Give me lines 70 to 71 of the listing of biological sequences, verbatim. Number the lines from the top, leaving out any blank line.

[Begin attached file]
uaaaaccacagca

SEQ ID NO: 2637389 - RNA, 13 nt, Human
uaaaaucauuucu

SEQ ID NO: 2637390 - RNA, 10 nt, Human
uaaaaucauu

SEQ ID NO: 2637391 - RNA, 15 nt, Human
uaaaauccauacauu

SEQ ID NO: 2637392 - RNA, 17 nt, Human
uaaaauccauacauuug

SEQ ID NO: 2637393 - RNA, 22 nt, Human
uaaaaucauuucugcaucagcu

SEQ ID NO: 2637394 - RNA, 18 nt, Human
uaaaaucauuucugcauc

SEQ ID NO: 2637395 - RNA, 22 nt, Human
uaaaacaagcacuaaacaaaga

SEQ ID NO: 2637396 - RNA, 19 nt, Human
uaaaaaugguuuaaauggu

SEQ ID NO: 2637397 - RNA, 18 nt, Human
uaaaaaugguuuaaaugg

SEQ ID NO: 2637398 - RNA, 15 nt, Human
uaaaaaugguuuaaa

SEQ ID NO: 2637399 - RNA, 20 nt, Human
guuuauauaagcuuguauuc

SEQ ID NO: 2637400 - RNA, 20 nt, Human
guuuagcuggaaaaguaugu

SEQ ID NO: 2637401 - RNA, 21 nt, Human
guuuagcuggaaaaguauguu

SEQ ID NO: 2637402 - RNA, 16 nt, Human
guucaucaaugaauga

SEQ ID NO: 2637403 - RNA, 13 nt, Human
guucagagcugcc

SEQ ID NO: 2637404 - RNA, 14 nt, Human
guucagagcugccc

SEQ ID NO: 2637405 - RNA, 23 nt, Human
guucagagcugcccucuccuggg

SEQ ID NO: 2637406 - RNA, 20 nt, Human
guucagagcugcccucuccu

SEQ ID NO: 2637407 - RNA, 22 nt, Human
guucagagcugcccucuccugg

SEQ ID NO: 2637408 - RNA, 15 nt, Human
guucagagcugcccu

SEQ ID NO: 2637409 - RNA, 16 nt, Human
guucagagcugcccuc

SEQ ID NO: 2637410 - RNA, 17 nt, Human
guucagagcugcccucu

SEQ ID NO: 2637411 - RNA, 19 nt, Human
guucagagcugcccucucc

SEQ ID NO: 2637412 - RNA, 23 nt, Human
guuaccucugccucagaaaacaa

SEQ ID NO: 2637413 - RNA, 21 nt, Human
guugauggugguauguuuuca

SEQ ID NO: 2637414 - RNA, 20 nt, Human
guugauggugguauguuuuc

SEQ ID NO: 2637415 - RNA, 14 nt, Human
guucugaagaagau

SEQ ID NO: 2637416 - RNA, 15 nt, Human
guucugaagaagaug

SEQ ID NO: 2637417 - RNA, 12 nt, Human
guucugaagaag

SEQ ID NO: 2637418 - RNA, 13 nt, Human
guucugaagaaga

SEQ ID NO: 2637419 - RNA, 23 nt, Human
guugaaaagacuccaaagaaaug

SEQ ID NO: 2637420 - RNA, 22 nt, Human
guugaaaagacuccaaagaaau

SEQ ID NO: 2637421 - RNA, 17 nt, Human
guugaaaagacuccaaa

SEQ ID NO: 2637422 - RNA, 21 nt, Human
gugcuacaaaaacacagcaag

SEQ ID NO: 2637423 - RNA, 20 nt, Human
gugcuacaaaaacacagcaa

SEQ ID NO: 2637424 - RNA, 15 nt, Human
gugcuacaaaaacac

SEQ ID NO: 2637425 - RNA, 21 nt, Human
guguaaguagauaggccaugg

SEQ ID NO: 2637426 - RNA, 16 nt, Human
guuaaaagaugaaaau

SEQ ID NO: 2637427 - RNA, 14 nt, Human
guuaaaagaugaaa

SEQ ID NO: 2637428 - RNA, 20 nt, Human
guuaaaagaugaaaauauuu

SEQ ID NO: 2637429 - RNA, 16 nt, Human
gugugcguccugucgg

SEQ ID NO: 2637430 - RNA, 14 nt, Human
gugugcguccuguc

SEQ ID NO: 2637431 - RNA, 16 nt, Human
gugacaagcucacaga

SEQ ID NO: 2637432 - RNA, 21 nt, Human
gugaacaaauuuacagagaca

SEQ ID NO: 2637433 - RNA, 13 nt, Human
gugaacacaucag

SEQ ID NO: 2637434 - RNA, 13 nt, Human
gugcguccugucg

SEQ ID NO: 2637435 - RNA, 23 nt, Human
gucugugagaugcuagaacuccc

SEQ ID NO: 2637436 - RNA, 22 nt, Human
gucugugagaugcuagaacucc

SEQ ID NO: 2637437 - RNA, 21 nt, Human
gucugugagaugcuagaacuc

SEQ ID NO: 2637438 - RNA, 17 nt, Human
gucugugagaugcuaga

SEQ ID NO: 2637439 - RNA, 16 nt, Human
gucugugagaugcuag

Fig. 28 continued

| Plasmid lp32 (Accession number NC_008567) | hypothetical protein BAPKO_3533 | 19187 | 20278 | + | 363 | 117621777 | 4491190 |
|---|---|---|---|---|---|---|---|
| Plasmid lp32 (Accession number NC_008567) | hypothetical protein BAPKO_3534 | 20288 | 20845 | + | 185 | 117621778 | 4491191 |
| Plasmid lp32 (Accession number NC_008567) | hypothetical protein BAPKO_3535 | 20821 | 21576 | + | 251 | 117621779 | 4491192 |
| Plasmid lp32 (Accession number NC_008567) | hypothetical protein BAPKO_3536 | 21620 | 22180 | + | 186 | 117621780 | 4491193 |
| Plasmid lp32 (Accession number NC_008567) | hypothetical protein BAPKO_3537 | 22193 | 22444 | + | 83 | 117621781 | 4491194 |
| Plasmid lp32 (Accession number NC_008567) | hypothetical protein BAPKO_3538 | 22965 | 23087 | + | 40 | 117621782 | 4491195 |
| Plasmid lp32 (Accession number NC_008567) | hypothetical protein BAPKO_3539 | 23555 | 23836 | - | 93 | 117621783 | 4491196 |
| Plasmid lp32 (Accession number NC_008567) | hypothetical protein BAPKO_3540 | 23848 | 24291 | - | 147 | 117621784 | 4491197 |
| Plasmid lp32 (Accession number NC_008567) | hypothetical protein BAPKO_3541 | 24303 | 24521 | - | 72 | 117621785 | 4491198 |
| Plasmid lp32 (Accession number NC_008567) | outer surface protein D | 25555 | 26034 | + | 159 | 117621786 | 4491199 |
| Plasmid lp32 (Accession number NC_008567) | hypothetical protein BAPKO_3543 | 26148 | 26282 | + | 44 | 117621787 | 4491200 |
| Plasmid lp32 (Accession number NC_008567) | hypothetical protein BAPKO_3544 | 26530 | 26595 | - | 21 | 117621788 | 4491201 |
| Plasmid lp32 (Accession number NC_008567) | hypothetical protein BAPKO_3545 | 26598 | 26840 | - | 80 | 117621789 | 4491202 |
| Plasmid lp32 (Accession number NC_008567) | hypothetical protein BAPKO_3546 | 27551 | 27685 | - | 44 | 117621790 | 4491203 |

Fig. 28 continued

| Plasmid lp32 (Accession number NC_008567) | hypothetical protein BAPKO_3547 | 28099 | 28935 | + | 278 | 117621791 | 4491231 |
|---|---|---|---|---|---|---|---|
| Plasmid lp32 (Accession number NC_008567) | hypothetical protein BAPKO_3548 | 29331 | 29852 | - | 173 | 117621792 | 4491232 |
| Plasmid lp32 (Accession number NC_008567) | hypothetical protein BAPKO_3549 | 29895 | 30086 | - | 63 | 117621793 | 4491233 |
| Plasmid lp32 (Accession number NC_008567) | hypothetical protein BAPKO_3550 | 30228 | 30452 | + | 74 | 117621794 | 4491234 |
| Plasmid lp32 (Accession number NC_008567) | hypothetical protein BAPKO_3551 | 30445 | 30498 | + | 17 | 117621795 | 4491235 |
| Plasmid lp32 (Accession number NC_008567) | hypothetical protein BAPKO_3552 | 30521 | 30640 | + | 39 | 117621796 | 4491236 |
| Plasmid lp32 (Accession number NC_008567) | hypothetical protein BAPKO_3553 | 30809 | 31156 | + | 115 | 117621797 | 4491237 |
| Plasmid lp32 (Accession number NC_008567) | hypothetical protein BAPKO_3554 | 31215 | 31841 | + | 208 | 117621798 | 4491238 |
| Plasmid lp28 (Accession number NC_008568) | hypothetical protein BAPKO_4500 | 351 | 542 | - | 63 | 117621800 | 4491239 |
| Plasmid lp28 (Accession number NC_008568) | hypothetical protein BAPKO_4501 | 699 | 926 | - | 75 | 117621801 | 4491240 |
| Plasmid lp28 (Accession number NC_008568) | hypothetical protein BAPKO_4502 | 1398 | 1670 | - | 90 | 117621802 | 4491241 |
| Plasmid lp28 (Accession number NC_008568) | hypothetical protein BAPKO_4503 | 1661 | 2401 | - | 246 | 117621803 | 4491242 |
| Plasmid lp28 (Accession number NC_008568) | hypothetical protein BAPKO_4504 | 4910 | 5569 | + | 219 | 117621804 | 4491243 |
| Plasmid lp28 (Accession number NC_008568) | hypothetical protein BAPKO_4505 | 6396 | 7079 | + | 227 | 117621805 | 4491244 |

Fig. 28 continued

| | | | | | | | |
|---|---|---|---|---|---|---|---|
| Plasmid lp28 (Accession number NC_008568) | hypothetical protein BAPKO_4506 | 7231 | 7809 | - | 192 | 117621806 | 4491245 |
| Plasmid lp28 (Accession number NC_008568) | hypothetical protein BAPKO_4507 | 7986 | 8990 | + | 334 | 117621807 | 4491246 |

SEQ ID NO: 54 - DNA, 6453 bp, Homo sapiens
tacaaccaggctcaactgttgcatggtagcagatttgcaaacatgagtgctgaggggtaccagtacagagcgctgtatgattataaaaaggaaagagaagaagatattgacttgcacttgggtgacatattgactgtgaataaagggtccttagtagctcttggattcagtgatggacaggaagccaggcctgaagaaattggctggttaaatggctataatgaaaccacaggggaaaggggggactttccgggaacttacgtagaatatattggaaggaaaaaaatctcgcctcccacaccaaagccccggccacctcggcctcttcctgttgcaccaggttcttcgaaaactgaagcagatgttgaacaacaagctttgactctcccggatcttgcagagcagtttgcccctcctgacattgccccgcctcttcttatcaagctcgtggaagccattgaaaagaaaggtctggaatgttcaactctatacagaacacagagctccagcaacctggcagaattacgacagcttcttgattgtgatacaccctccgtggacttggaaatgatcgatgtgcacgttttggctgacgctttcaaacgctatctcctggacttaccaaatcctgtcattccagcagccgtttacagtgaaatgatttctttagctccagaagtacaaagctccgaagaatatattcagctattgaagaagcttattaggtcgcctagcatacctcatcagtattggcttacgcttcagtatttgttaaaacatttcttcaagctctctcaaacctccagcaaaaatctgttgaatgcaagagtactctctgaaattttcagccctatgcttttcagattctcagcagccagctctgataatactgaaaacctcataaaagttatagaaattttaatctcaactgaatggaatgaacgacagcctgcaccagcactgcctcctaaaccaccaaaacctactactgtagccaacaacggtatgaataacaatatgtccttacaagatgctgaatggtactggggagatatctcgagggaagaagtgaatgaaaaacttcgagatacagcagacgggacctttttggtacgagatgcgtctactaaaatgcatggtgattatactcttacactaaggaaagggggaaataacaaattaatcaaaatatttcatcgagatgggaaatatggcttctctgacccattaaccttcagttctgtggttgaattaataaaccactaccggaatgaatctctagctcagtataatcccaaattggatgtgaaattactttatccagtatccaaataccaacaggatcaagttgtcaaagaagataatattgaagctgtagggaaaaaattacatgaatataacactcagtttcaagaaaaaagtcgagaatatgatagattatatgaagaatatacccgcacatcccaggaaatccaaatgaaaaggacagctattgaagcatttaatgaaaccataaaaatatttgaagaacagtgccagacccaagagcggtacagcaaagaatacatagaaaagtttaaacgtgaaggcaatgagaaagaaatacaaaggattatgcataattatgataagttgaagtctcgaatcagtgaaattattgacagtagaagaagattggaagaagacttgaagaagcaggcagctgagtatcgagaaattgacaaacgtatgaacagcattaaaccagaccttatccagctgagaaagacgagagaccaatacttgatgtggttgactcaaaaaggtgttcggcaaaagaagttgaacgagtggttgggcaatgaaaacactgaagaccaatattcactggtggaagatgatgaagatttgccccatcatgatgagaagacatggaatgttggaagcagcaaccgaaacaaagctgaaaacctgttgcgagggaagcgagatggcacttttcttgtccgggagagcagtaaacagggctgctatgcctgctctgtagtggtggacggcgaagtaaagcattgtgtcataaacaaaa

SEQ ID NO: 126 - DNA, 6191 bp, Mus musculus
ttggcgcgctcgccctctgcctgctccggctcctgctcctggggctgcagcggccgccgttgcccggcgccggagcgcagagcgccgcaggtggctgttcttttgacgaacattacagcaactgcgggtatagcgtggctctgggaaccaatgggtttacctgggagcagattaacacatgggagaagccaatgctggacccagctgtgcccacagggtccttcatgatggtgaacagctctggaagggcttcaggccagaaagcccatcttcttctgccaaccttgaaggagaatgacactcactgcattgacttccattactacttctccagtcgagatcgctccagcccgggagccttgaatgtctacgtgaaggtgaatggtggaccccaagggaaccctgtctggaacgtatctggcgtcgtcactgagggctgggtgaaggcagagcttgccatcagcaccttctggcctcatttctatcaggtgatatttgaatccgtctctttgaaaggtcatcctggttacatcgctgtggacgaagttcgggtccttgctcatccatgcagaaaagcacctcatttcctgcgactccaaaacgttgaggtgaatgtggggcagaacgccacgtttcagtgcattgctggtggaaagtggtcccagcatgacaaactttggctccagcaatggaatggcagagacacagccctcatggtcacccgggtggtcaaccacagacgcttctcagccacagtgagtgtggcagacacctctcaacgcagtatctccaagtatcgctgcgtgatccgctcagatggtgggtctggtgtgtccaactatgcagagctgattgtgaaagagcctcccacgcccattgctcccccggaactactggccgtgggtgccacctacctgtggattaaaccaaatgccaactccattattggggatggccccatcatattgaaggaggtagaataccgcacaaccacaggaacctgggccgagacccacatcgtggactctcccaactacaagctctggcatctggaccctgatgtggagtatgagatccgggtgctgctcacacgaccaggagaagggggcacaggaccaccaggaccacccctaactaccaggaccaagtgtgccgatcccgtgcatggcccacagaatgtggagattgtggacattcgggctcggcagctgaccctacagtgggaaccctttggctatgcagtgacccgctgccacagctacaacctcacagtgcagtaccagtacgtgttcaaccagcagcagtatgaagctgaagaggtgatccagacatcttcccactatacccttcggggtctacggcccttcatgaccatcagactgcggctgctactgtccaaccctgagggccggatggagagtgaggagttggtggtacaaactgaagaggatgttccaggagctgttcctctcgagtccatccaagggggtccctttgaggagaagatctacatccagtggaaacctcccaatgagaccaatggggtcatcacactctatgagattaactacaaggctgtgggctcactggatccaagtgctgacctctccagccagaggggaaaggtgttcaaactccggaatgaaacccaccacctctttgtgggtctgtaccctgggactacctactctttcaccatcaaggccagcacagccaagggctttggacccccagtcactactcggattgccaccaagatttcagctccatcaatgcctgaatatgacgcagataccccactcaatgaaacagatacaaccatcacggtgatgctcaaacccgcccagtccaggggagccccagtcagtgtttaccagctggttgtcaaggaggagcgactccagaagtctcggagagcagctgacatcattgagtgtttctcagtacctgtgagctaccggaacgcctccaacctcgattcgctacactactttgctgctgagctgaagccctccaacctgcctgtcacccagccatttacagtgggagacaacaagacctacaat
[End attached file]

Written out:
SEQ ID NO: 2637423 - RNA, 20 nt, Human
gugcuacaaaaacacagcaa